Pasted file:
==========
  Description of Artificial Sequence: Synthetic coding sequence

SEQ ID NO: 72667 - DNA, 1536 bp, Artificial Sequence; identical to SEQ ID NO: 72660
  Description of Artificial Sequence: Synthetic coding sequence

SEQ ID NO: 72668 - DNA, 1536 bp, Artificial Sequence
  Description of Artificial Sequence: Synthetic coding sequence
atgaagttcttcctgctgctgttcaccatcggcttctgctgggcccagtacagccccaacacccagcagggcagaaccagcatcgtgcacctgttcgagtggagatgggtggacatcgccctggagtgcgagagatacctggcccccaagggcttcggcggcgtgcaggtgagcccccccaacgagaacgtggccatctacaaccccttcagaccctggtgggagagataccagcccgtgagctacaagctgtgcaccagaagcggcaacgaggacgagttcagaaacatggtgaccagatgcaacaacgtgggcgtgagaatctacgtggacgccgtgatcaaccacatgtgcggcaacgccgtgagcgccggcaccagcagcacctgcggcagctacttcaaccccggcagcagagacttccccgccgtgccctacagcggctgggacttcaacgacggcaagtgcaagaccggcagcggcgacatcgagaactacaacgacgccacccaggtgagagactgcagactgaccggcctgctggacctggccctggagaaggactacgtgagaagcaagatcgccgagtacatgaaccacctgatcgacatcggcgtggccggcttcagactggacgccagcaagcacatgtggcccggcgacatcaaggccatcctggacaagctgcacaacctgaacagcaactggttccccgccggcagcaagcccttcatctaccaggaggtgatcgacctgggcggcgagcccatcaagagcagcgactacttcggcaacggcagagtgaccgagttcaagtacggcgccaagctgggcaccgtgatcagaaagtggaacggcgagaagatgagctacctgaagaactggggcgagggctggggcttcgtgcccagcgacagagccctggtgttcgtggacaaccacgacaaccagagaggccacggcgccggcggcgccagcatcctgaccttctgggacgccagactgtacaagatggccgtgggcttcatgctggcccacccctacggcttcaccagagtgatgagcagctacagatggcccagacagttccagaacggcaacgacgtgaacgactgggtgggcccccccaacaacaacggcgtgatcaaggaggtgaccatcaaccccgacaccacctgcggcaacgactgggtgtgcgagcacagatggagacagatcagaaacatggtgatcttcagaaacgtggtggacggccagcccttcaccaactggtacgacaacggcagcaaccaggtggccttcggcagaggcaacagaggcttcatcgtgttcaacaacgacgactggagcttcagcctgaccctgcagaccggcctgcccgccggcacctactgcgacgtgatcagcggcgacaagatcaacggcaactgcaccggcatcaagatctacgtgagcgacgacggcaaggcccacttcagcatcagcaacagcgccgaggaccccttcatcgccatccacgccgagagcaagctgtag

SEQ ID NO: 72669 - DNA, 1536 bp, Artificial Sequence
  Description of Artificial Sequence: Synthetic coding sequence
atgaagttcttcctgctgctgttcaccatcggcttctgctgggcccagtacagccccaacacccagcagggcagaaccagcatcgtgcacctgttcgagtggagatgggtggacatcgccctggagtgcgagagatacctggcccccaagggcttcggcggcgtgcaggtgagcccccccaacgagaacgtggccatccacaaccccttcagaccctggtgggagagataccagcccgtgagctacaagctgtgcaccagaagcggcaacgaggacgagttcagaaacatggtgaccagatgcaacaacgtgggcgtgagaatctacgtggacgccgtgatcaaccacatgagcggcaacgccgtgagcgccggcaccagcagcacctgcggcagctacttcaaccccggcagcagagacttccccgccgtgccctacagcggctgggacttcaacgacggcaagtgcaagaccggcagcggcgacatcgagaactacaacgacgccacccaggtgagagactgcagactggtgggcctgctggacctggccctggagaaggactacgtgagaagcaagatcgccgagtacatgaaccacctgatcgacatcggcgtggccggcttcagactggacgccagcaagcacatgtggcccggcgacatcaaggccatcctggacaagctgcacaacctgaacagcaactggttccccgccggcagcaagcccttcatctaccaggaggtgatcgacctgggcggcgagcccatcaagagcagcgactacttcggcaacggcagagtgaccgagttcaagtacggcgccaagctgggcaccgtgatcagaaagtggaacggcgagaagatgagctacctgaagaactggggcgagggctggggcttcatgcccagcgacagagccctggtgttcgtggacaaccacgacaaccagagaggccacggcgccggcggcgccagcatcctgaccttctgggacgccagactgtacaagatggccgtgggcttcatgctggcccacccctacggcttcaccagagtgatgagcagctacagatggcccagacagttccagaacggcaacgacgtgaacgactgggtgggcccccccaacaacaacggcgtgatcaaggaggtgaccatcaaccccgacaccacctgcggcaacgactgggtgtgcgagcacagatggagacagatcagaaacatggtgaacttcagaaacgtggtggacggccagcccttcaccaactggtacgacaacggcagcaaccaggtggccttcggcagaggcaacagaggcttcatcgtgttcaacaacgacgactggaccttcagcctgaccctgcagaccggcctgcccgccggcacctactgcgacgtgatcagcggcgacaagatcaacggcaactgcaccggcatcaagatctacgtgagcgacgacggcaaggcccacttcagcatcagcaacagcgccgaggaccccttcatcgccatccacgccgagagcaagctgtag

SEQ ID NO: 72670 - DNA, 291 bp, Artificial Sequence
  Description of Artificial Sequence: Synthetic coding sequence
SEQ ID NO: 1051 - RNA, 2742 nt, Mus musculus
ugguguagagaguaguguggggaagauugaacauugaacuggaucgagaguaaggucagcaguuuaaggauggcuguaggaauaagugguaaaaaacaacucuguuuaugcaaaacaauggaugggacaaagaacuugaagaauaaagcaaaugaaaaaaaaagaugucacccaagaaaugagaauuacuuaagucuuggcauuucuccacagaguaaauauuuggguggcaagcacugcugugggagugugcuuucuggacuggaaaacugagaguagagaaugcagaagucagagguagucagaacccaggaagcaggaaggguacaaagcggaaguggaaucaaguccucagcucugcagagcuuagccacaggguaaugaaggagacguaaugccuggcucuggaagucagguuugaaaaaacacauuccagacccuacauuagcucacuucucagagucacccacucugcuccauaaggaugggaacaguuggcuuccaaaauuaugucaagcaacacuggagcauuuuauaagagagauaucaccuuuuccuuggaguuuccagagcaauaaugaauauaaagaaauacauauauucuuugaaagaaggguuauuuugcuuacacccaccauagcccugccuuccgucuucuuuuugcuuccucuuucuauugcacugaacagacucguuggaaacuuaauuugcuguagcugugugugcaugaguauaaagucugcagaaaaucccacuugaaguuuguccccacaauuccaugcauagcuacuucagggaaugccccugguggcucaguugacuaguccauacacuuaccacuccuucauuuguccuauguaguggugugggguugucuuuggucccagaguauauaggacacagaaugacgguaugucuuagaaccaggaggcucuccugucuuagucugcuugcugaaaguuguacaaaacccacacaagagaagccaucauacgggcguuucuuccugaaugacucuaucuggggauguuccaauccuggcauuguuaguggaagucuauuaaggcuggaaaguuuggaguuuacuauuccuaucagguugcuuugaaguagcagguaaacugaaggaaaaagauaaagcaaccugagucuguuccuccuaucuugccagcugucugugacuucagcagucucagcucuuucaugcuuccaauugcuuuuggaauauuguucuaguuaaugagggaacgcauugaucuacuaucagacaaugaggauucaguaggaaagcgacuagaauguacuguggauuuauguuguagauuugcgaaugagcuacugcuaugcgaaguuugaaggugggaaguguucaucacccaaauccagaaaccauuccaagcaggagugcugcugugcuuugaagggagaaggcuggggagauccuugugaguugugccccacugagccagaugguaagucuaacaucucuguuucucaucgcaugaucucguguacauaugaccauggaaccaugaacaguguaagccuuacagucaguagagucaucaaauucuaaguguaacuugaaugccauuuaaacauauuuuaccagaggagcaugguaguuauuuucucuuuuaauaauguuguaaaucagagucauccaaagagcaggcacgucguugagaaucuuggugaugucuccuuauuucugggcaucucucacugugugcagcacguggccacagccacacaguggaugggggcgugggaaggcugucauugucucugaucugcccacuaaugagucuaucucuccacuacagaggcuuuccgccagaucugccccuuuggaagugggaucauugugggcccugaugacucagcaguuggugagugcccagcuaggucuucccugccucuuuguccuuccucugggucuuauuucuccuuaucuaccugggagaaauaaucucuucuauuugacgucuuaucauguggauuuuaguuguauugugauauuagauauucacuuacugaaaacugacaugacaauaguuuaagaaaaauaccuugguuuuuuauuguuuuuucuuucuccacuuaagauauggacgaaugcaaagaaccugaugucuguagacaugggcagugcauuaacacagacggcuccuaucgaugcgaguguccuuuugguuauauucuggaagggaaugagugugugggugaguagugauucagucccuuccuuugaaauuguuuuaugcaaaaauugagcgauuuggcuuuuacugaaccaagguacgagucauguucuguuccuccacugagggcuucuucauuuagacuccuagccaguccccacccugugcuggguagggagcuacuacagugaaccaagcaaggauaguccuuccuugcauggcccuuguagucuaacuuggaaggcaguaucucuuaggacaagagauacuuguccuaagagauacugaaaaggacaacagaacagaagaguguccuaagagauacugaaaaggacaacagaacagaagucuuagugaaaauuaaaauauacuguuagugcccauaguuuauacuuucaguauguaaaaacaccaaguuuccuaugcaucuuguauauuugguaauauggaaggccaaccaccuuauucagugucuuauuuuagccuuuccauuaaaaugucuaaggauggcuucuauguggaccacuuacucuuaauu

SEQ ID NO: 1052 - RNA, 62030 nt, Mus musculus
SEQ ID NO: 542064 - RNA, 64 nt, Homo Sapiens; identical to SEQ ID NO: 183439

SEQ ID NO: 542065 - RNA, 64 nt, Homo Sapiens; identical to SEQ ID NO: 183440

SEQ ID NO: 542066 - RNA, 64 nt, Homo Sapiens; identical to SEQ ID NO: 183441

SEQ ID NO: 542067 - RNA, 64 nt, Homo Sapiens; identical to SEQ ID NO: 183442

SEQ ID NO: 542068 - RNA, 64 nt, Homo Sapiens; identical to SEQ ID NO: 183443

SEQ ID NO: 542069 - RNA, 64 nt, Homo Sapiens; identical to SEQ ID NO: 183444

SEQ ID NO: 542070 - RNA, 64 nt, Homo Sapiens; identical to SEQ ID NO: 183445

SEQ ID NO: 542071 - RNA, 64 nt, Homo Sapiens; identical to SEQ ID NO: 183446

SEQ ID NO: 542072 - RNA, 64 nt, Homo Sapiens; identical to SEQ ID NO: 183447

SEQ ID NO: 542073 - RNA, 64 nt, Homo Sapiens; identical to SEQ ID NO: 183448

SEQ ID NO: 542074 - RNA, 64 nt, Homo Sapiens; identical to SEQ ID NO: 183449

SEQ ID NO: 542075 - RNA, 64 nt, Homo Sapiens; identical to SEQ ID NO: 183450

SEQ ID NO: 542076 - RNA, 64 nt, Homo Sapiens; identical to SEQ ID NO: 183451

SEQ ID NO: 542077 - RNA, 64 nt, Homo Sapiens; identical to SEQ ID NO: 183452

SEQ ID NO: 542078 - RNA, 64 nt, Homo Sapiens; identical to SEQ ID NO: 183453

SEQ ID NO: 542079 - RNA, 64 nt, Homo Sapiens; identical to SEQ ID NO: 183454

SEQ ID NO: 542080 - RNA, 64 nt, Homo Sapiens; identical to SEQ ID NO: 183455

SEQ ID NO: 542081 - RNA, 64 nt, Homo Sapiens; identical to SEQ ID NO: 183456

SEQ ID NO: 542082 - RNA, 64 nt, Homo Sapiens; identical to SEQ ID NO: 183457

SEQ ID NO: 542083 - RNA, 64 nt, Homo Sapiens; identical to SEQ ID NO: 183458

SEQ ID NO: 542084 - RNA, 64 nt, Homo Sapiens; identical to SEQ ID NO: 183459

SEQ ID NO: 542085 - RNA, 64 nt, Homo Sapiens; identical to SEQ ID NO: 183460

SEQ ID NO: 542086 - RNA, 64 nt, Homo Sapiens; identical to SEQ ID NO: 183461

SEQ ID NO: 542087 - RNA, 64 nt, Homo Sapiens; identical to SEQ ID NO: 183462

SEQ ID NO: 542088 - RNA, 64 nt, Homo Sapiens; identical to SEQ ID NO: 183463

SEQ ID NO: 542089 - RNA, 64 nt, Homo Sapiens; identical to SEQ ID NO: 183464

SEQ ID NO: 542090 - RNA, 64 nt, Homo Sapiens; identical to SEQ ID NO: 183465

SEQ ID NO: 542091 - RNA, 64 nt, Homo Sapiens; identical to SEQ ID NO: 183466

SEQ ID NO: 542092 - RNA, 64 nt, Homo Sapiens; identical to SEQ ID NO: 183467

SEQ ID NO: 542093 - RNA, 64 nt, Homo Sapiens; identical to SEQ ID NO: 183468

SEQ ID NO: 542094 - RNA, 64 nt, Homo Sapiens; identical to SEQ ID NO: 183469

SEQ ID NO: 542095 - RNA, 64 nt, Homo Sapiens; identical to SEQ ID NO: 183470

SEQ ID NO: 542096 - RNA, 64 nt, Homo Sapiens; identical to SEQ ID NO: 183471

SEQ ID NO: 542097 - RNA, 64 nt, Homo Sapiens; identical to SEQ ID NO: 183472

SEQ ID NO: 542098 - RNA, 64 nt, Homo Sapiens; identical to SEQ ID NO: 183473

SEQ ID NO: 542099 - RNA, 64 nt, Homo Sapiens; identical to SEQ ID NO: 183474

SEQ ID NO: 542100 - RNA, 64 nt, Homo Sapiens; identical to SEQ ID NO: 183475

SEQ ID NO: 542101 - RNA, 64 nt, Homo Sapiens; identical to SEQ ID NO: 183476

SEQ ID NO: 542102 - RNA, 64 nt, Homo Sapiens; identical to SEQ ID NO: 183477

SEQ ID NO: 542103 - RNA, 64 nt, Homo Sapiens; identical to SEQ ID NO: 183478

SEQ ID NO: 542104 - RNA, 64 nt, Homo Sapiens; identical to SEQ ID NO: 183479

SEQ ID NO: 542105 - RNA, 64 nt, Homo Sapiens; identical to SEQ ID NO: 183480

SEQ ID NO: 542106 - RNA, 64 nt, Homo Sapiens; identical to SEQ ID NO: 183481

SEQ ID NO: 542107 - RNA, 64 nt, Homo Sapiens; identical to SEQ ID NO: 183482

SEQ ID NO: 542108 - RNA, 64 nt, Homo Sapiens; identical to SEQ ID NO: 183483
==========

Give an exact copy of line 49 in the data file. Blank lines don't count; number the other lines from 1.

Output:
SEQ ID NO: 542098 - RNA, 64 nt, Homo Sapiens; identical to SEQ ID NO: 183473